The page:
As I’ve mentioned before, spring is my favorite time for making resolutions. Everything is new in spring! While we’re celebrating the Easter story and it’s significance in making changes and moving forward in our lives, it just feels like the right time to take a good look at life and make a few course corrections. And, of course, it’s my birthday, which means a beginning of a new year for me personally.
One of the little changes I’ve felt inspired to make this year is getting back to making real food for my family.
In a world of convenience and quick foods (and full-time jobs, and part-time school), it’s just so tempting to take the “easy” way out. Food is essential, and it deserves a little bit more attention and respect than I’ve been giving it lately. And real foods, made with love at home, are simply healthier for both mind and body.
So with that spring resolution in mind, you can imagine how thrilled I was at the opportunity to affiliate with Cook’s Illustrated! I’ve been a fan of America’s Test Kitchen on PBS for years, and their recipe magazines are gorgeous. I’m really excited to share some of my favorite things from their shows and websites with all of you.
Pancakes are a favorite at our house for breakfast, lunch, and dinner. And snacks. In spring I especially like mine with whipped cream and berries as shown.
When I found the 100 Percent Whole-Wheat Pancakes recipe on Cook’s Illustrated I knew I had to try them. These were absolutely delicious, and quick too! The boys enjoyed their pancakes with butter and maple syrup. As you can see, I enjoyed mine with a bit of whipped cream and berries – in true spring style. Consider serving them for Easter breakfast.
Maybe you should practice a little before then.
Not because they’re difficult to make, but because you will want to taste them over and over again. With Cook’s Illustrated’s permission, I’m sharing the recipe below!
100 Percent Whole-Wheat Pancakes
Shared with permission of Cook’s Illustrated
2 cups (11 ounces) whole-wheat flour
2 tablespoons sugar
1 ½ teaspoons baking powder
½ teaspoon baking soda
¾ teaspoon salt
2 ¼cups buttermilk
5 tablespoons plus 2 teaspoons vegetable oil
2 large eggs
INSTRUCTIONS – MAKES 15 PANCAKES
An electric griddle set at 350 degrees can be used in place of a skillet. If substituting buttermilk powder and water for fresh buttermilk, use only 2 cups of water to prevent the pancakes from being too wet. To ensure the best flavor, use either recently purchased whole-wheat flour or flour that has been stored in the freezer for less than 12 months. Serve with maple syrup and butter.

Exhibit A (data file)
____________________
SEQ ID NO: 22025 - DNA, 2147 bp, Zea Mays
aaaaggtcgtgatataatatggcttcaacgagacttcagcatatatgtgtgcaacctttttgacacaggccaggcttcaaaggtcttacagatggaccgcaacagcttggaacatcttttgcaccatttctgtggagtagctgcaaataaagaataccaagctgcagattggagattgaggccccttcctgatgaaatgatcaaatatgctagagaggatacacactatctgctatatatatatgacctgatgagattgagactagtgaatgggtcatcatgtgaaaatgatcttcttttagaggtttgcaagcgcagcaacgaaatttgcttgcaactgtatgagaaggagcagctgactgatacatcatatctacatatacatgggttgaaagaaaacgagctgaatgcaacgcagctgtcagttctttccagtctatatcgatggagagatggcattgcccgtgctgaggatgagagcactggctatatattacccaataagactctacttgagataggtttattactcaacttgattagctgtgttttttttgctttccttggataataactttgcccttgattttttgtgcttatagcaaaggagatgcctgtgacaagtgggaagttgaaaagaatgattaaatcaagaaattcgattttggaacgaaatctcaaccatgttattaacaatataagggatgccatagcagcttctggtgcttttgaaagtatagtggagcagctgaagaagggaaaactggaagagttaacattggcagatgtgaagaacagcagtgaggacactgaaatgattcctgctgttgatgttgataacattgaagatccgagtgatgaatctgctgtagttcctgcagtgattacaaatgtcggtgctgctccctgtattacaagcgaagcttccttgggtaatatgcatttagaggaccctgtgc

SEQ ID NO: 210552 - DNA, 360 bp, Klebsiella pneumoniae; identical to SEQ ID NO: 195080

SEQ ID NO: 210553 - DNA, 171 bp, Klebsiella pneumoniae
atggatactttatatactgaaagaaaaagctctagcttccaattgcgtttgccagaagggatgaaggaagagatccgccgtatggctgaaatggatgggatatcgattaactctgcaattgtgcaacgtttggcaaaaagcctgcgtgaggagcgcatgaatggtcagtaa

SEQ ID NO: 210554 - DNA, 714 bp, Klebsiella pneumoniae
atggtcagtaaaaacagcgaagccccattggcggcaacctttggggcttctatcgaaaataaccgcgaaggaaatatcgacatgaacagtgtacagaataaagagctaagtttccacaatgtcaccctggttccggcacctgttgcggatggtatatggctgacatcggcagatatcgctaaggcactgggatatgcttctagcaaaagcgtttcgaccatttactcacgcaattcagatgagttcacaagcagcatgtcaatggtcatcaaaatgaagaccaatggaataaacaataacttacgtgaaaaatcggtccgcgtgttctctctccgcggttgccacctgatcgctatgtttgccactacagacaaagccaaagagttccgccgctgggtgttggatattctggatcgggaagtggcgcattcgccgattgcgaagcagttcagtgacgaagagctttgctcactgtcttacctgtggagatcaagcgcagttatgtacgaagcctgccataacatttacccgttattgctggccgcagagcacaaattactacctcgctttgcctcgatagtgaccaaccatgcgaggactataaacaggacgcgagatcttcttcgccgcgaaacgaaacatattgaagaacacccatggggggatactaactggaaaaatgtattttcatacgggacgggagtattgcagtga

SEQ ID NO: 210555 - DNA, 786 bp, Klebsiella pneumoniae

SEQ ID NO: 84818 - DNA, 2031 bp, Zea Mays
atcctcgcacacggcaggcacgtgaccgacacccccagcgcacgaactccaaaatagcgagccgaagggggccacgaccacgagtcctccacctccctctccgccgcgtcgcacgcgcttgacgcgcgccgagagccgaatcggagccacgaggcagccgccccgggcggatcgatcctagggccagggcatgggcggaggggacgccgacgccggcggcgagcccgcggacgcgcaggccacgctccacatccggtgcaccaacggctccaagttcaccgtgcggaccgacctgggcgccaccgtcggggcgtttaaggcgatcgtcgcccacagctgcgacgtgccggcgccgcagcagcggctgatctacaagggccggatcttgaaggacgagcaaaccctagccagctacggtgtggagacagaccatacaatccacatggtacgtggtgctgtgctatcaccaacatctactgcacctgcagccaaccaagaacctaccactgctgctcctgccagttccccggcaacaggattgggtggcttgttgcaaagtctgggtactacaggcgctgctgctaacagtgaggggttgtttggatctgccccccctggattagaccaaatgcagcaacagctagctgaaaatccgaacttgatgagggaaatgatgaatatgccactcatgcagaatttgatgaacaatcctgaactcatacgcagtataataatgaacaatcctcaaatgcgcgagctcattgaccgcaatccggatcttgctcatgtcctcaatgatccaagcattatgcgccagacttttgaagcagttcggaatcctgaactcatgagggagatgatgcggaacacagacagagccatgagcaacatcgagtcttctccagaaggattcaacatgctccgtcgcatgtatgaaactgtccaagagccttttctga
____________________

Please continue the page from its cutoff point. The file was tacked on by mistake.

1. Adjust oven rack to middle position and heat oven to 200 degrees. Spray wire rack set in rimmed baking sheet with vegetable oil spray; place in oven.
2. Whisk flour, sugar, baking powder, baking soda, and salt together in medium bowl. Whisk buttermilk, 5 tablespoons oil, and eggs together in second medium bowl. Make well in center of flour mixture and pour in buttermilk mixture; whisk until smooth. (Mixture will be thick; do not add more buttermilk.)
3. Heat 1 teaspoon oil in 12-inch nonstick skillet over medium heat until shimmering. Using paper towels, carefully wipe out oil, leaving thin film on bottom and sides of pan. Using 1/4-cup dry measuring cup or 2-ounce ladle, portion batter into pan in 3 places. Gently spread each portion into 4 1/2-inch round. Cook until edges are set, first side is golden brown, and bubbles on surface are just beginning to break, 2 to 3 minutes. Using thin, wide spatula, flip pancakes and continue to cook until second side is golden brown, 1 to 2 minutes longer.
4. Serve pancakes immediately or transfer to wire rack in oven. Repeat with remaining batter, using remaining 1 teaspoon oil as necessary.
And as they are famous for, Cook’s Illustrated also answers some of the why’s behind this recipe’s success!
Go Ahead: Beat the Heck out of This Batter
Recipes for white-flour pancakes always warn against overmixing. That’s because it will create a strong, restrictive gluten network, and that makes for tough, dense cakes. But we discovered that the same rule doesn’t apply to pancakes made with whole-wheat flour for two reasons. The first is that cup for cup, whole-wheat flour has fewer gluten-forming proteins than white flour. Second, whole-wheat flour contains bran, which is sharp and will cut through gluten strands that do form. When the gluten strands are shorter, the gluten network is weakened and the pancakes become even more tender. (Courtesy of Cook’s Illustrated)
I hope you enjoy this recipe as much as I did! As I mentioned, I’ve recently become a Cook’s Illustrated partner and I’m absolutely in love with their sites. They test every recipe to perfection before publishing. They also share the science behind the success of their cooking techniques. It’s a great way to learn how cooking works, and is especially fun to explore with kids.
If you want to try them out, they have a 14-day free trial (just in time to entertain your kids with kitchen science for spring break)!